Open Enrollment, Oh My!
Open Enrollment (“OE”) season, for many HR professionals, may create symptoms of anxiety: sweaty palms, racing hearts, and sleepless nights (not to mention consumption of gallons of coffee). However, it doesn’t have to be that hard. Simplifying your open enrollment period is easier than you think. Outlined below are simple reminders for those conducting open enrollment periods. If you want to learn a bit more (or just need a refresher) please join ComplianceDashboard next Tuesday, September 24th at 1 pm EST for our monthly webinar: Open Enrollment: Check! In the time it takes to eat lunch, you’ll leave with a handy checklist to assist you in running a smooth open enrollment period.
What to Know:
- OE is not a federally required event; however, some state laws or fully insured plans require it.
Why it’s a Great Idea to Offer OE:
- Cafeteria plans require an annual opportunity for employees to change elections.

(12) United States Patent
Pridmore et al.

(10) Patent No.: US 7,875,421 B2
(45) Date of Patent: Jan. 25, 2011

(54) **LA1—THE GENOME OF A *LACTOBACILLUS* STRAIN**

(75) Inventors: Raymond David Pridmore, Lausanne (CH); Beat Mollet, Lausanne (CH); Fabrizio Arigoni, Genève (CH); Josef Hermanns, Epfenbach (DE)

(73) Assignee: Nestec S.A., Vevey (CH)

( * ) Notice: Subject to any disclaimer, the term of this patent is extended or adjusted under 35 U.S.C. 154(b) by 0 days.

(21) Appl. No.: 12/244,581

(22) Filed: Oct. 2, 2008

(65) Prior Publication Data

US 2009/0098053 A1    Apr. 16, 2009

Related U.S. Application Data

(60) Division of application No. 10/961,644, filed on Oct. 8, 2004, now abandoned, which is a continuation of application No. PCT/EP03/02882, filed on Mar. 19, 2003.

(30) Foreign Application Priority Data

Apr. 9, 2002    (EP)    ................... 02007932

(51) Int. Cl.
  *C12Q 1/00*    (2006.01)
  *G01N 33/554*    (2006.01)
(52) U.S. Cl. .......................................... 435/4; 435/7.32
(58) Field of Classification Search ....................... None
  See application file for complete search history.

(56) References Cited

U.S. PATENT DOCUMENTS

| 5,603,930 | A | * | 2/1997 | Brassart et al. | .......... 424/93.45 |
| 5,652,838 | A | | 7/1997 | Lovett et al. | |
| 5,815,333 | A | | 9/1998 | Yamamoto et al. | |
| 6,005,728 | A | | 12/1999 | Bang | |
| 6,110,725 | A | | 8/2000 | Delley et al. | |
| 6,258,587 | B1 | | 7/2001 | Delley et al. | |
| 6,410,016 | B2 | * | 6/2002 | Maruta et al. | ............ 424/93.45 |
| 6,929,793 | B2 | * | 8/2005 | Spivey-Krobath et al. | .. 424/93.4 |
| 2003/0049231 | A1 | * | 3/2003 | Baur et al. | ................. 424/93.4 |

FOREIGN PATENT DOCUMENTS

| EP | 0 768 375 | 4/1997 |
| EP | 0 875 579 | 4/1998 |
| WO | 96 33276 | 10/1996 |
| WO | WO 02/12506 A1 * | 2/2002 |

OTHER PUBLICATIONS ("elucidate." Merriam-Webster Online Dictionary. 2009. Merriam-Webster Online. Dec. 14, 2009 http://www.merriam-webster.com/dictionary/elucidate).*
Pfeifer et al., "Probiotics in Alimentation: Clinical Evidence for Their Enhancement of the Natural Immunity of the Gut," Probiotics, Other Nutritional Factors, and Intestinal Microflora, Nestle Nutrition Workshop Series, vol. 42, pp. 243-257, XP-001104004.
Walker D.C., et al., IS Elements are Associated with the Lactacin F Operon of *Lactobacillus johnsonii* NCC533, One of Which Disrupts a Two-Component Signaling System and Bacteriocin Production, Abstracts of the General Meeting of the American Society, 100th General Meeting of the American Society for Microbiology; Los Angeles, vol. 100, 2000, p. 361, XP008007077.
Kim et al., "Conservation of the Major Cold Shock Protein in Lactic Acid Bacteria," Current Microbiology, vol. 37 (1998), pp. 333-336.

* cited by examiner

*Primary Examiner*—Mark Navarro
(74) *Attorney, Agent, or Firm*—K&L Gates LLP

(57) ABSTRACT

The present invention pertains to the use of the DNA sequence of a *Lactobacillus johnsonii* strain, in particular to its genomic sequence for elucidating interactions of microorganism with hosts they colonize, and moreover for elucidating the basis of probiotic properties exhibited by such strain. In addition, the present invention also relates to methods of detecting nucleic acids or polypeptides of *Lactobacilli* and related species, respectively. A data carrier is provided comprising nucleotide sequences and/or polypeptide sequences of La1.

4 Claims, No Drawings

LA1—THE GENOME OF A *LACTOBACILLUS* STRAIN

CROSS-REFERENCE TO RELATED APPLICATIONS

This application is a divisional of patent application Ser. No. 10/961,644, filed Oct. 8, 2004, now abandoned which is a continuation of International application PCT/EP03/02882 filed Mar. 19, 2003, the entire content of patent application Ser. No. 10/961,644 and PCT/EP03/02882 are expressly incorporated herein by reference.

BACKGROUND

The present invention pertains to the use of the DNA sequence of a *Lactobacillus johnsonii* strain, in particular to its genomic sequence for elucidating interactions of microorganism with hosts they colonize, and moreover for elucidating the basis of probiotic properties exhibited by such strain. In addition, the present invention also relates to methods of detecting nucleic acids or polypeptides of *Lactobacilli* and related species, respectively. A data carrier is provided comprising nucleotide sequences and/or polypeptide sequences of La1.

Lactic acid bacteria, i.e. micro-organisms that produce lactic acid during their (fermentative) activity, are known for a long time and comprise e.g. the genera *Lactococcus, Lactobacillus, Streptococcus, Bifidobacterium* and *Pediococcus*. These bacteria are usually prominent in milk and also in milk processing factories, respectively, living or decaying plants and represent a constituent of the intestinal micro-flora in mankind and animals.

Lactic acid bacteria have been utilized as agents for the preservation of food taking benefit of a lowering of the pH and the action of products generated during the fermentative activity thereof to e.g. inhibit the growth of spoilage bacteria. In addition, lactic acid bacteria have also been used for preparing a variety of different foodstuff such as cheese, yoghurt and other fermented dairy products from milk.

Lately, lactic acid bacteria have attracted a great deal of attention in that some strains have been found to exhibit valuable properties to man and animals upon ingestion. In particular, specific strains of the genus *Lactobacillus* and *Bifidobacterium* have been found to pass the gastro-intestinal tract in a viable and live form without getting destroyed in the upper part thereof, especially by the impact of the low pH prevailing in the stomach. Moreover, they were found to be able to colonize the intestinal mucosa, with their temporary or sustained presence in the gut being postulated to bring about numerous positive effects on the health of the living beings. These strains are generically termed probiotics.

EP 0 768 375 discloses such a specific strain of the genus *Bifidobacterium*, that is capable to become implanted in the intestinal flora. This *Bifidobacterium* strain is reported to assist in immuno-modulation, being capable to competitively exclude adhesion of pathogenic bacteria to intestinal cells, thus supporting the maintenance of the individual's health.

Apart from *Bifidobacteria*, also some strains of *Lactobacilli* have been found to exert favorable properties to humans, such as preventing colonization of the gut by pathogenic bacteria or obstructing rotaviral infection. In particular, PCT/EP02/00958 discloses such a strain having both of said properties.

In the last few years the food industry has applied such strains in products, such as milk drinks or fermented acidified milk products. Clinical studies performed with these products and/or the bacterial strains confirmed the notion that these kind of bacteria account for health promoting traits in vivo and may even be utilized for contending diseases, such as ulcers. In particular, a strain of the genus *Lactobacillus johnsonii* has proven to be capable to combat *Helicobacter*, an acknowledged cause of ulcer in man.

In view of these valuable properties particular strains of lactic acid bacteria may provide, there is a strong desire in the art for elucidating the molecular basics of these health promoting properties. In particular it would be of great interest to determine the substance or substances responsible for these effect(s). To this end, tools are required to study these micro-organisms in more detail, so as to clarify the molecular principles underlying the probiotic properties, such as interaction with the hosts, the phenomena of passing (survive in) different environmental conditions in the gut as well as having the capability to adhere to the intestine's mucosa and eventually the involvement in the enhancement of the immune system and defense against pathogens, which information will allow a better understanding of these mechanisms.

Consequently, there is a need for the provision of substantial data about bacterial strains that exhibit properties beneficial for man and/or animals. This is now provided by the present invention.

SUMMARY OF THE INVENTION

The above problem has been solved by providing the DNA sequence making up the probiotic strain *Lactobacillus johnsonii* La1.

- Applicable Large Employers (ALE) must offer coverage to employees and dependent children at least once a year to avoid ACA shared responsibility penalties.
- It’s a great time to distribute required disclosures and notices (some are required upon initial enrollment, when an employee becomes eligible for a plan, or annually).
What to Do:
- Employers must make eligible employees aware of requirements and provided necessary information.
- Employers who maintain consistent and documented OE processes are less likely to suffer anxiety symptoms when OE period rolls around
- Choose reliable distribution methods for documents; and
- Confirm receipt of OE materials for eligible employees.
Why So Important?
- If employers expect employees to follow enrollment procedures, it’s important to keep them informed!
- Requirements typically must be in place as of the effective date of the plan.
- Some notices and disclosures must be provided at enrollment or annually. If a required notice isn’t distributed, penalties may follow. For a thorough list, check out our resource: Summary of Notices & Disclosures
- If plans don’t consistently enforce enrollment requirements, the plan may lose the right to enforce them!